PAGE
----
[Humanist] 24.276 e-book referencing

Humanist Discussion Group willard.mccarty at mccarty.org.uk
Mon Aug 23 21:59:42 CEST 2010

                 Humanist Discussion Group, Vol. 24, No. 276.
         Centre for Computing in the Humanities, King's College London
                Submit to: humanist at lists.digitalhumanities.org

  [1]   From:    "Sharon K. Goetz" <skgoetz at yahoo.com>                     (33)
        Subject: Re: [Humanist] 24.272 e-book referencing

  [2]   From:    Peter Organisciak <organisc at ualberta.ca>                  (45)
        Subject: Re: [Humanist] 24.260 referencing a Kindle book?

        Date: Sun, 22 Aug 2010 16:19:04 -0700 (Pacific Daylight Time)
        From: "Sharon K. Goetz" <skgoetz at yahoo.com>
        Subject: Re: [Humanist] 24.272 e-book referencing
        In-Reply-To: <20100822195537.96F916634C at woodward.joyent.us>

Jim, .mobi (Kindle-compatible) and .epub files (displayable on nearly
every other dedicated e-reader device) don't have page numbers unless
someone went to the trouble of encoding them that way. The advantage is
that text reflows depending upon the display size. (This is why I
inferred--wrongly--in my prior message that Kindle locations might be
fluid; I'm absolutely certain about .epub structure, however.) I've
noticed with archive.org .epub files that the more recently added books
often include print-equivalent pagination, but the older ones do not. None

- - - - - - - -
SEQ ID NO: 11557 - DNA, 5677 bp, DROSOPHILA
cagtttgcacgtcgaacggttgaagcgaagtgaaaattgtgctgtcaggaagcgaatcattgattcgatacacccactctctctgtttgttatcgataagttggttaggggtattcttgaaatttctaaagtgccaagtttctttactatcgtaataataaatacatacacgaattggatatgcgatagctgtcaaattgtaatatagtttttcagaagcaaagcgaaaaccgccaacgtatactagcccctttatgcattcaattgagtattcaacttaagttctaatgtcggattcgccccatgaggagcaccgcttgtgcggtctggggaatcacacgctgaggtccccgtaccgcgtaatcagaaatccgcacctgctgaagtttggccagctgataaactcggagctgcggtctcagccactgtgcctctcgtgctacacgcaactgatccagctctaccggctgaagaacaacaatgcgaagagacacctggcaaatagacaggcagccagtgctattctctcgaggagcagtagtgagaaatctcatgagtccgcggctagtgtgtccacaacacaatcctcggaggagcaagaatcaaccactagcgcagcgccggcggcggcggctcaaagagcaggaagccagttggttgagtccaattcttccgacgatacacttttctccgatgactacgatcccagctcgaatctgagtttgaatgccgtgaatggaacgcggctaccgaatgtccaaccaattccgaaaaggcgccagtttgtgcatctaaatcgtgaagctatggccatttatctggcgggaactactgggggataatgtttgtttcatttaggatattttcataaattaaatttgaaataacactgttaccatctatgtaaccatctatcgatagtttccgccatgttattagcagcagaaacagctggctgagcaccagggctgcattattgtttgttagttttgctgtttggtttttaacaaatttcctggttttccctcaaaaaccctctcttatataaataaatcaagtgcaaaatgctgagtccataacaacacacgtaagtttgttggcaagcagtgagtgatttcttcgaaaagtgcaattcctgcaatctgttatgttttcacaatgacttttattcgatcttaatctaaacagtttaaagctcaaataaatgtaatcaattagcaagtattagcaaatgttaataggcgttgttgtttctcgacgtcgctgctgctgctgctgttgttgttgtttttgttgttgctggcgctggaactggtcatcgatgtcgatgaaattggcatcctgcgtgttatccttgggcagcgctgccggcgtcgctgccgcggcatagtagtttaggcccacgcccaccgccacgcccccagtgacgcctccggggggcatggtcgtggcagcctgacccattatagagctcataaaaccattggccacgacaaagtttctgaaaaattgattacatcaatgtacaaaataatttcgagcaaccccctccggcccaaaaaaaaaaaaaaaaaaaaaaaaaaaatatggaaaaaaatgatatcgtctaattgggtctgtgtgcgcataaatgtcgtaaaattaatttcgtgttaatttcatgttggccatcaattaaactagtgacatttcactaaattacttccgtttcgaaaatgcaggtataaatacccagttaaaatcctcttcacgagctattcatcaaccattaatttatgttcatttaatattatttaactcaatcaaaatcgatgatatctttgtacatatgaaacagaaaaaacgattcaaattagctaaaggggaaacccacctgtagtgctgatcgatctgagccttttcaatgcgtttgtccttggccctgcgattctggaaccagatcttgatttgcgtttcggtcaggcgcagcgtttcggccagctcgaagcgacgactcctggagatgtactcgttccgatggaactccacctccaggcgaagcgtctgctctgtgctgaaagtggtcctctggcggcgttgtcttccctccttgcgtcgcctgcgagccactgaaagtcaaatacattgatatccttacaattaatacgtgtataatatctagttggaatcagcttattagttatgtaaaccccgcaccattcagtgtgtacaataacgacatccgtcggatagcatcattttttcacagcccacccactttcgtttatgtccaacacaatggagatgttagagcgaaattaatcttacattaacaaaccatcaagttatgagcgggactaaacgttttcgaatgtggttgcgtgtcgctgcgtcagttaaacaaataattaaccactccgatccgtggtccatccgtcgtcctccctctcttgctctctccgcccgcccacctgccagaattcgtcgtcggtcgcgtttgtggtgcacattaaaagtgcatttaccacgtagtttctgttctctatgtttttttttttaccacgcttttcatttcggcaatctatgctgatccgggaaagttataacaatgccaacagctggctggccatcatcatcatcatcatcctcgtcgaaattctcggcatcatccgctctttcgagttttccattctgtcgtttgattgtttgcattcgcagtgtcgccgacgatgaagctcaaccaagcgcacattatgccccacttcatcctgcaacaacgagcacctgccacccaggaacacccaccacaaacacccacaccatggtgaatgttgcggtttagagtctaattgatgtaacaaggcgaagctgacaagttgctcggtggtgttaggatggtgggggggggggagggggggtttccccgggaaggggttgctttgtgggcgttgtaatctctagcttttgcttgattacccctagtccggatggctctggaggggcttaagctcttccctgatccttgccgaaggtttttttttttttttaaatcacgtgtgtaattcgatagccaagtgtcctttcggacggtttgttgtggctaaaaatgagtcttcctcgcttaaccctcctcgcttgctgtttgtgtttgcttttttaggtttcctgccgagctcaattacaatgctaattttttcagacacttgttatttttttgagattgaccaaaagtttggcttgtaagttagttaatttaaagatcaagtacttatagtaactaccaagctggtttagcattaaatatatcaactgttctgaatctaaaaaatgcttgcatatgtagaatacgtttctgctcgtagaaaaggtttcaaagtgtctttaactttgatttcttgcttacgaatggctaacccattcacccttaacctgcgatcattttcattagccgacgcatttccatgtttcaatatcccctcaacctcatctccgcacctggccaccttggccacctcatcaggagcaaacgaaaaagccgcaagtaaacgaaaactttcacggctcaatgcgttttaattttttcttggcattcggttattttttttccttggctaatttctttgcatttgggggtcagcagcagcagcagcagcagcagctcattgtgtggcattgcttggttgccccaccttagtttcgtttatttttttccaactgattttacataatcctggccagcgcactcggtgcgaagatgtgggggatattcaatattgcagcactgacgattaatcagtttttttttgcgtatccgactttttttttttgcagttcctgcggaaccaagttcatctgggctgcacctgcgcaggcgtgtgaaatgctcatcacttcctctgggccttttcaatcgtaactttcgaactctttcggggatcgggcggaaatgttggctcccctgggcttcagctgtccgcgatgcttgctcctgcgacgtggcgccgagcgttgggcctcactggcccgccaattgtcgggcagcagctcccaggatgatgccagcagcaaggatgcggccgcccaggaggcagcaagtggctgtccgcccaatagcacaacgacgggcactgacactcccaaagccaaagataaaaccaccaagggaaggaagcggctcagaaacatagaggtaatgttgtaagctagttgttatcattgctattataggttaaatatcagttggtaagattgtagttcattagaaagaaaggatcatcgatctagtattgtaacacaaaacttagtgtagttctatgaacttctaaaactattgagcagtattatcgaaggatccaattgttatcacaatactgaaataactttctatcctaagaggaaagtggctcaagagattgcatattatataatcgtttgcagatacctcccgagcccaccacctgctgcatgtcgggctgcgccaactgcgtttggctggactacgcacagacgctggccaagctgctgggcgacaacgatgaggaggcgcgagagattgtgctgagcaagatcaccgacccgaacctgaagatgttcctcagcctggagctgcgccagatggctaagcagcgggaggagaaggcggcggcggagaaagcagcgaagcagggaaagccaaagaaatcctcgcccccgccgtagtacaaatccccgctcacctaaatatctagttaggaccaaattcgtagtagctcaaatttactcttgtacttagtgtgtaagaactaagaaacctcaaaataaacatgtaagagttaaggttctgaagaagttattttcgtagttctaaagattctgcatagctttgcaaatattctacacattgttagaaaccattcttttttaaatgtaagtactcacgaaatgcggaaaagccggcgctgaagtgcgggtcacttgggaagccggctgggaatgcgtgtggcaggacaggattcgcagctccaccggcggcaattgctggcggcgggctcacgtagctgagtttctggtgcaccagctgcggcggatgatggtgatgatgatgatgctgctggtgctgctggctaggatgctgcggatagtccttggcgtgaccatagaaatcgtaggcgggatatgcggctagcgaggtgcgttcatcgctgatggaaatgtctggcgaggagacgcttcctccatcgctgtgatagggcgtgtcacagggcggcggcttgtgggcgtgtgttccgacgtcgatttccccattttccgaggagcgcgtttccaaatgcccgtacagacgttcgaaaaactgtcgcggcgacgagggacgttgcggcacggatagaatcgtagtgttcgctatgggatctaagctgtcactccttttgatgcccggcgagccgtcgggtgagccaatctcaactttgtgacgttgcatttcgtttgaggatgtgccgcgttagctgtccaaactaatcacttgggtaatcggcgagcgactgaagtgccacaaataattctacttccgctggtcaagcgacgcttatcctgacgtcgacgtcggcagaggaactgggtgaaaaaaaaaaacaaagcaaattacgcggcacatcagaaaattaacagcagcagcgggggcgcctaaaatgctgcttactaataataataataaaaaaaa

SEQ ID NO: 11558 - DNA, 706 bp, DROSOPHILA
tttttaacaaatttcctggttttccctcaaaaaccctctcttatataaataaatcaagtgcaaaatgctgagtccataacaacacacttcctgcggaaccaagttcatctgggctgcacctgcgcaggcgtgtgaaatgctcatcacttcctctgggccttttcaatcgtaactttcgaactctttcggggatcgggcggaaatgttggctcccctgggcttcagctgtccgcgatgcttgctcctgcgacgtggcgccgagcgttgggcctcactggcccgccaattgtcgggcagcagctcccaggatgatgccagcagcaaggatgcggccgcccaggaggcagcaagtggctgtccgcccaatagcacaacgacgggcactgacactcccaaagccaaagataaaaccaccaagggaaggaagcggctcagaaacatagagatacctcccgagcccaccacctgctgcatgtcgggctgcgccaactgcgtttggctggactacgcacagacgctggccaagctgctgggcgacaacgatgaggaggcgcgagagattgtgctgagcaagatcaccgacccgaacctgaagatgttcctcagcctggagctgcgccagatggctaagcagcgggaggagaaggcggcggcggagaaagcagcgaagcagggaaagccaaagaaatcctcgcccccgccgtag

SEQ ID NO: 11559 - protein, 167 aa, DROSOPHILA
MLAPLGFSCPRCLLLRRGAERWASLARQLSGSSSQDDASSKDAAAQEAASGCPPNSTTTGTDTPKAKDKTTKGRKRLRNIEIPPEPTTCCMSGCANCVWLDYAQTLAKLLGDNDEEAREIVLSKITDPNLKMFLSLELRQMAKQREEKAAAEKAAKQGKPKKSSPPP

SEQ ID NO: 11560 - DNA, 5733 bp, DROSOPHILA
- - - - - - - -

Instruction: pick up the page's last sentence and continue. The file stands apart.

of the dozen Kindle books I've seen--fiction titles with recent print
instances--has included print-equivalent pagination.

It'd be helpful to have original pagination reflected in electronic
derivatives, but of course not all Kindle or .epub files have print
instances, prior or otherwise. Thus Claire's question retains interest for
me--and how are we to cite specific segments of .epub texts in a coherent,
consistent manner, anyway? Counting unnumbered paragraphs is logical but a
bit difficult to execute well if one's display shows less than a full
paragraph at a time; not everyone uses MLA; etc.


On Sun, 22 Aug 2010, Humanist Discussion Group wrote:
>         From: James Rovira <jamesrovira at gmail.com>
>         Subject: Re: [Humanist] 24.269 e-book referencing and reading
>         In-Reply-To: <20100821210116.2DDB5646AA at woodward.joyent.us>
> Claire --
> Thanks for your reply. So far as I can tell from my own use and others'
> replies, though, electronic versions of books do have page numbers; page
> numbers are certainly fixed in .pdf files.  But, I'd forgotten that the
> MLA also recommends citing paragraph numbers for some electronic
> sources, which may be a useful practice in your situation.
> Jim R

        Date: Mon, 23 Aug 2010 11:32:57 -0500
        From: Peter Organisciak <organisc at ualberta.ca>
        Subject: Re: [Humanist] 24.260 referencing a Kindle book?
        In-Reply-To: <20100819195410.0F0A961D73 at woodward.joyent.us>


I generally figure out the related page number in the book's print
version, most often using Amazon.com's feature for searching within a
print book. If the intent of a citation is to direct the reader to the
source of the quote, a Kindle citation limits the accessibility due to
the hardware and the fact that the e-book will usually have to be
purchased. Somebody with a print copy will have a tough time finding a
quote from a Kindle location; a person with a Kindle but a page
citation can just search for the passage.

That's my reasoning. Given no alternatives, I would definitely cite
the Kindle book location, but the obstacles to access and lack of
permanence with DRM'd files leaves me uneasy.

Peter Organisciak

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